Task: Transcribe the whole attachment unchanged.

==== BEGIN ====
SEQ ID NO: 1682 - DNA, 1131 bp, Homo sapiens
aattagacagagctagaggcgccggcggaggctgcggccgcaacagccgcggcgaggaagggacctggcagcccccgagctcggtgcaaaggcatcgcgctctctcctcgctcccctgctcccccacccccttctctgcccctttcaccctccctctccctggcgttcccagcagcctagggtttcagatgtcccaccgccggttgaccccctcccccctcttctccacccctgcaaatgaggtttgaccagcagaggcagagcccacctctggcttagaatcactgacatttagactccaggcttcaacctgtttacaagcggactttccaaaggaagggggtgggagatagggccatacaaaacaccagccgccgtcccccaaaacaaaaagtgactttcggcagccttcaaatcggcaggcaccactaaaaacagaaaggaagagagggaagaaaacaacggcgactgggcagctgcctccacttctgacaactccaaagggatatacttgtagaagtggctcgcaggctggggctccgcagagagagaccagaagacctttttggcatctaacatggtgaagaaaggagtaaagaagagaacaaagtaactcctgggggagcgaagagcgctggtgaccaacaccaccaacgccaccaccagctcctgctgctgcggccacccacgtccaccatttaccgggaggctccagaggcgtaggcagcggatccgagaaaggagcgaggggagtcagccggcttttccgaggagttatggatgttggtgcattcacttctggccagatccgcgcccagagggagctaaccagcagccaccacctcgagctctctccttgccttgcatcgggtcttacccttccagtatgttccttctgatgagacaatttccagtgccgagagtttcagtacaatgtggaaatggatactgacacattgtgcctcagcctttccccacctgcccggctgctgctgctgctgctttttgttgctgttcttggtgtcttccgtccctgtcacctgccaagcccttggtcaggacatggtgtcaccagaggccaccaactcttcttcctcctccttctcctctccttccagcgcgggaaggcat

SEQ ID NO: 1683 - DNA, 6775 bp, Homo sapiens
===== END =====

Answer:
SEQ ID NO: 1682 - DNA, 1131 bp, Homo sapiens
aattagacagagctagaggcgccggcggaggctgcggccgcaacagccgcggcgaggaagggacctggcagcccccgagctcggtgcaaaggcatcgcgctctctcctcgctcccctgctcccccacccccttctctgcccctttcaccctccctctccctggcgttcccagcagcctagggtttcagatgtcccaccgccggttgaccccctcccccctcttctccacccctgcaaatgaggtttgaccagcagaggcagagcccacctctggcttagaatcactgacatttagactccaggcttcaacctgtttacaagcggactttccaaaggaagggggtgggagatagggccatacaaaacaccagccgccgtcccccaaaacaaaaagtgactttcggcagccttcaaatcggcaggcaccactaaaaacagaaaggaagagagggaagaaaacaacggcgactgggcagctgcctccacttctgacaactccaaagggatatacttgtagaagtggctcgcaggctggggctccgcagagagagaccagaagacctttttggcatctaacatggtgaagaaaggagtaaagaagagaacaaagtaactcctgggggagcgaagagcgctggtgaccaacaccaccaacgccaccaccagctcctgctgctgcggccacccacgtccaccatttaccgggaggctccagaggcgtaggcagcggatccgagaaaggagcgaggggagtcagccggcttttccgaggagttatggatgttggtgcattcacttctggccagatccgcgcccagagggagctaaccagcagccaccacctcgagctctctccttgccttgcatcgggtcttacccttccagtatgttccttctgatgagacaatttccagtgccgagagtttcagtacaatgtggaaatggatactgacacattgtgcctcagcctttccccacctgcccggctgctgctgctgctgctttttgttgctgttcttggtgtcttccgtccctgtcacctgccaagcccttggtcaggacatggtgtcaccagaggccaccaactcttcttcctcctccttctcctctccttccagcgcgggaaggcat

SEQ ID NO: 1683 - DNA, 6775 bp, Homo sapiens